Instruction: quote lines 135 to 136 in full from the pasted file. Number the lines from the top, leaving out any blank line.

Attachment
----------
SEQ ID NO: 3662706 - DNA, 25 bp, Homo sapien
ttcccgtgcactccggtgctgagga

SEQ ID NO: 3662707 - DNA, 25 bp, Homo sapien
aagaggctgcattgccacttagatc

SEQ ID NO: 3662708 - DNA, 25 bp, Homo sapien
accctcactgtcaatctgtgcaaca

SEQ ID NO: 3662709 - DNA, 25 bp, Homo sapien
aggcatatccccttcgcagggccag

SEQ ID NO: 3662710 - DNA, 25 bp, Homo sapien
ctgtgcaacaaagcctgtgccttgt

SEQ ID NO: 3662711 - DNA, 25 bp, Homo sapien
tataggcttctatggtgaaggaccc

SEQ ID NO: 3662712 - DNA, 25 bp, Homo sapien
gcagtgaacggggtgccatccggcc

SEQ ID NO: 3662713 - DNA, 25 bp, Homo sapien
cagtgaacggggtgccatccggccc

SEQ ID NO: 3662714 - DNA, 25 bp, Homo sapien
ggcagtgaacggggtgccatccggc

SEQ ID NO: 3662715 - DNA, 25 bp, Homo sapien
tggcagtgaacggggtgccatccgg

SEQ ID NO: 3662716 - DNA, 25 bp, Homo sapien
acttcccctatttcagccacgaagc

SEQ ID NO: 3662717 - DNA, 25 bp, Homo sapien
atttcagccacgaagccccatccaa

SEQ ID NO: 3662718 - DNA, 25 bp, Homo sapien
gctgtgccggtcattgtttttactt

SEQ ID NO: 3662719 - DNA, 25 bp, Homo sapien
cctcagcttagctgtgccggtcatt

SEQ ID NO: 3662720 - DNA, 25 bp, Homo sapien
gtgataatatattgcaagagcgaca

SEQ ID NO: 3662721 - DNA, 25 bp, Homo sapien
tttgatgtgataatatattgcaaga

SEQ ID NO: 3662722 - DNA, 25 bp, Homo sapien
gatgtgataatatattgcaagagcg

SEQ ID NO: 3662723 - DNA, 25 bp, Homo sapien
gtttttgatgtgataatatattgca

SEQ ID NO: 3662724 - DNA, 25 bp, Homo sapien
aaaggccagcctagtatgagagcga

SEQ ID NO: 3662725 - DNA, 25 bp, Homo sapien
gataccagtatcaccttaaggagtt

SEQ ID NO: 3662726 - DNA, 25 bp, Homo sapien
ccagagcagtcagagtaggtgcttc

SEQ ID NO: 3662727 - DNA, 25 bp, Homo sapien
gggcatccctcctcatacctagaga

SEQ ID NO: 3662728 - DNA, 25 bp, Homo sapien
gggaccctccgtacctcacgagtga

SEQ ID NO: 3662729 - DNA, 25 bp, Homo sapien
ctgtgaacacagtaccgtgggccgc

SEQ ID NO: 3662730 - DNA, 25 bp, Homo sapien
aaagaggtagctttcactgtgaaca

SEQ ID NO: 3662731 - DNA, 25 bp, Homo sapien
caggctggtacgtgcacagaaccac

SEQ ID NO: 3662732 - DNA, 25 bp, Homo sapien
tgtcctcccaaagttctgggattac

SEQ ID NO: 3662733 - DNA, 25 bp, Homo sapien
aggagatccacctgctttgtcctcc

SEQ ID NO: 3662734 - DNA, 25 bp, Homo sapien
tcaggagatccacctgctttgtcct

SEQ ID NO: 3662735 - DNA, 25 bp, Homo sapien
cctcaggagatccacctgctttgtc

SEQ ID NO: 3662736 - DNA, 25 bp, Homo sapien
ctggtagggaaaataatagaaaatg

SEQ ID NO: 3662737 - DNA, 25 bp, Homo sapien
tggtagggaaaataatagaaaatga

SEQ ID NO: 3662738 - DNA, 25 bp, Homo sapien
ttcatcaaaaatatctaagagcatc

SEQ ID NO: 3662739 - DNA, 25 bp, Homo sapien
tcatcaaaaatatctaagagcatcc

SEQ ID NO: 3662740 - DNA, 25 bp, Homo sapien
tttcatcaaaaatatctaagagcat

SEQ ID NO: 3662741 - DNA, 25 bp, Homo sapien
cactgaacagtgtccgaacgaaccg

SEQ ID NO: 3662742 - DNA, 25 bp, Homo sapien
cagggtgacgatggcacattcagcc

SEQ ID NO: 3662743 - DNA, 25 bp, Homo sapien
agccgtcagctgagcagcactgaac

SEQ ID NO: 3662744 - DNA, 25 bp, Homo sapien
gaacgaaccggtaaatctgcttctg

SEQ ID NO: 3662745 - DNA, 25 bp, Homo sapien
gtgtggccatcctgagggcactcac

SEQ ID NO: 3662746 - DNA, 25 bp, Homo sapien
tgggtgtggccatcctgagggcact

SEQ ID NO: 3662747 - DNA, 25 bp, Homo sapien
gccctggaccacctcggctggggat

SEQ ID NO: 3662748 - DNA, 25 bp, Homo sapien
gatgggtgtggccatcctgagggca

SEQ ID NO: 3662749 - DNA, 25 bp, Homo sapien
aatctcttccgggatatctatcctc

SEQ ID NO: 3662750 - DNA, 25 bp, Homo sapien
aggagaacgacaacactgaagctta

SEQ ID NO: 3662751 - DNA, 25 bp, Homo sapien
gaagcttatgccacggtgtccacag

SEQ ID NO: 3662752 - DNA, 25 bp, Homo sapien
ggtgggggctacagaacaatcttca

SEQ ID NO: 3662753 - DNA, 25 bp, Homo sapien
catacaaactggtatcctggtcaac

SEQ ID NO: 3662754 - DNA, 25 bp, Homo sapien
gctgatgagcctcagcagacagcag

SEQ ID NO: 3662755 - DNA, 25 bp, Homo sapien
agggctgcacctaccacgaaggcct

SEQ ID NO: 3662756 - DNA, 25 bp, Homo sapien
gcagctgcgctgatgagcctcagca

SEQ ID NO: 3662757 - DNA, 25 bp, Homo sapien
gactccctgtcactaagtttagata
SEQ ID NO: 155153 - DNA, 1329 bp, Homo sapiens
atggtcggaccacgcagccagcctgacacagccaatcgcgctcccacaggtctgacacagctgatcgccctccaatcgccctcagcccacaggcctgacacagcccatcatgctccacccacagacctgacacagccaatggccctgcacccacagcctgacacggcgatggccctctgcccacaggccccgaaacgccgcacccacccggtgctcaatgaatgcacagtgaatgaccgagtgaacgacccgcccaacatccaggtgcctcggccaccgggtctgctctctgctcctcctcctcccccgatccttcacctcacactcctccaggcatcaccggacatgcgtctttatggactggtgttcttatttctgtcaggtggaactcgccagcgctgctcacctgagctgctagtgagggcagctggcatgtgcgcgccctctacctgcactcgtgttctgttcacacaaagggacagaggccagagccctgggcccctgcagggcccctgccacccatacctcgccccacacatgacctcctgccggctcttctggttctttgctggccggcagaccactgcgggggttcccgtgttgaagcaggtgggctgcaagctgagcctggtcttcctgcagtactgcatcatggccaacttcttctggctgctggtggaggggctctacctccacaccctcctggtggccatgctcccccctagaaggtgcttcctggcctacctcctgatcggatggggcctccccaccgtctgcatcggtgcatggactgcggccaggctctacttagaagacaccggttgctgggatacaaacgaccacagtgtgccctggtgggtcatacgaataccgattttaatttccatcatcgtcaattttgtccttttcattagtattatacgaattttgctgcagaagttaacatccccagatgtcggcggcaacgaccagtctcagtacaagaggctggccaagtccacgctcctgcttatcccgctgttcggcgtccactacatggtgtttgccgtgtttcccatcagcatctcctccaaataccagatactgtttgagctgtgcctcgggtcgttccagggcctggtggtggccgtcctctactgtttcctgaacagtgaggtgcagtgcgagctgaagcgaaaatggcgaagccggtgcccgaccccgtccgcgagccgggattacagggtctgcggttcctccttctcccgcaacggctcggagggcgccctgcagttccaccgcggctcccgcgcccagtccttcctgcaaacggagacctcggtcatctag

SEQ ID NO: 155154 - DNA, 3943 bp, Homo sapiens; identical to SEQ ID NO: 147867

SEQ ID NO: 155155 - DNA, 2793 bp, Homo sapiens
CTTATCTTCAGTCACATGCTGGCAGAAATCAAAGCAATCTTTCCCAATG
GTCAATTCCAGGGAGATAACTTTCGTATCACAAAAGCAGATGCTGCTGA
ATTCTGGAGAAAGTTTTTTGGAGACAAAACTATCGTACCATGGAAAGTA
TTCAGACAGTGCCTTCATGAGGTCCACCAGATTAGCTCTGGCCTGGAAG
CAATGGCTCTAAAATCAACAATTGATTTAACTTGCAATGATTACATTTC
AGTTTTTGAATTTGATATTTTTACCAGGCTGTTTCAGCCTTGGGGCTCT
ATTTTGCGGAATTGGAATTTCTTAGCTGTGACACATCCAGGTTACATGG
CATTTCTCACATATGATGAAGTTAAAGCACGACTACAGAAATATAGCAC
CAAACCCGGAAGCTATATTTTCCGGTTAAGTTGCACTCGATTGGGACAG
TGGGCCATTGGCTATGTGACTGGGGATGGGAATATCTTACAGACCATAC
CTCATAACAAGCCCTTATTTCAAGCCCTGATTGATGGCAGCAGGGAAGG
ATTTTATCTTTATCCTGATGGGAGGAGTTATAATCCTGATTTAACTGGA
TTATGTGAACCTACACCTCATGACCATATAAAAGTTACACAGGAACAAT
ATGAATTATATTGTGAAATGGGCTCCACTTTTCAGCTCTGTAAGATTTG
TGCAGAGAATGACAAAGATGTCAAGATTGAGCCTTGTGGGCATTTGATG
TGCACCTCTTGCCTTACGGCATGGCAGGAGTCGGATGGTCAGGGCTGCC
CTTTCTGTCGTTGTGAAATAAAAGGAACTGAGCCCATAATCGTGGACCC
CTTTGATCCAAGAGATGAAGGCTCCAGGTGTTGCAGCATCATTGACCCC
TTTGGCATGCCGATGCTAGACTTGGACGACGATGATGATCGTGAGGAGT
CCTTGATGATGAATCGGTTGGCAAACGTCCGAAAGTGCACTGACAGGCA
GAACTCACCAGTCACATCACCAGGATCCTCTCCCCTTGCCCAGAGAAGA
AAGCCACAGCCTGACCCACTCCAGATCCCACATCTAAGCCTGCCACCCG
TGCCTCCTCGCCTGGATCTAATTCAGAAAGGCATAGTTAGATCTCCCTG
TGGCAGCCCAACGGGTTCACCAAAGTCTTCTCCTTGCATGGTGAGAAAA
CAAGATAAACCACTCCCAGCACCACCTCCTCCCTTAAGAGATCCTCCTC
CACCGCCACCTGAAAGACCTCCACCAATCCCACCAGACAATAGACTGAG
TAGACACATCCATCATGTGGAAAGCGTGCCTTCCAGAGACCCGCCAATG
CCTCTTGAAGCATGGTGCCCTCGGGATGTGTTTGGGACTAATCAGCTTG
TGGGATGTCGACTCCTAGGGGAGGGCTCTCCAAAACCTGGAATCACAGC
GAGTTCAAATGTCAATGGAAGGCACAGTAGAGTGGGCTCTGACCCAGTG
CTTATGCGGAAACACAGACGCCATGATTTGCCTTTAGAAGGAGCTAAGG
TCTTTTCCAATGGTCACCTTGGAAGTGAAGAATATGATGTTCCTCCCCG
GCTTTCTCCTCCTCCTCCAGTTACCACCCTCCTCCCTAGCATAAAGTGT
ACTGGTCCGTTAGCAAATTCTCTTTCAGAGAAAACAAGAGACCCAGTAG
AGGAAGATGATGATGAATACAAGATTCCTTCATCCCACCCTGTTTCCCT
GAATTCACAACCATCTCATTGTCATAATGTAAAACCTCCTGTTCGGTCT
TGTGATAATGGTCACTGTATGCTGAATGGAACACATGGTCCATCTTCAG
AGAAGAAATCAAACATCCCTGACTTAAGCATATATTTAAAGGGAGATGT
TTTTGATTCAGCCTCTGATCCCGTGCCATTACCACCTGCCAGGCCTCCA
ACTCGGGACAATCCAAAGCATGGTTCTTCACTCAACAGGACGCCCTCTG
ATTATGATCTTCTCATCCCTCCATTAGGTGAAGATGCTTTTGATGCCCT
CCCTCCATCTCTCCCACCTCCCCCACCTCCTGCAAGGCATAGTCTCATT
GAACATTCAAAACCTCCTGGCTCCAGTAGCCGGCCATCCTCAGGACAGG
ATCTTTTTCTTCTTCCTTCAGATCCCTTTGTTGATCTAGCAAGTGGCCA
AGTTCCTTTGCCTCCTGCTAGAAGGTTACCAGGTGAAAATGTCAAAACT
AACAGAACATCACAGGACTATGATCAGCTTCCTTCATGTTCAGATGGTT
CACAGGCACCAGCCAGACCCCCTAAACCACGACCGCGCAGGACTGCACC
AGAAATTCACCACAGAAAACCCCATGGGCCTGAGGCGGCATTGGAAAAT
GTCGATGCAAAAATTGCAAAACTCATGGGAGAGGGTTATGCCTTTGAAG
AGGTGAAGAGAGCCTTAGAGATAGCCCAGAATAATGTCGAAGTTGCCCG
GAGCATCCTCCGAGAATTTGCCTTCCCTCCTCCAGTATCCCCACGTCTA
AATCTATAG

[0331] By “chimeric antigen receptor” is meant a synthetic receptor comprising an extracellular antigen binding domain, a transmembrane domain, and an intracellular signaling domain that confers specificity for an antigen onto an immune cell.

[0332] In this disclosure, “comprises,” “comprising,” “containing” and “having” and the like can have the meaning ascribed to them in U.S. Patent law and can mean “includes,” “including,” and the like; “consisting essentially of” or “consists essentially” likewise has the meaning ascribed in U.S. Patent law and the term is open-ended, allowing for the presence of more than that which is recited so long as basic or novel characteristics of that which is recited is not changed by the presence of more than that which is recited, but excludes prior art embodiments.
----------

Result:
TAGACACATCCATCATGTGGAAAGCGTGCCTTCCAGAGACCCGCCAATG
CCTCTTGAAGCATGGTGCCCTCGGGATGTGTTTGGGACTAATCAGCTTG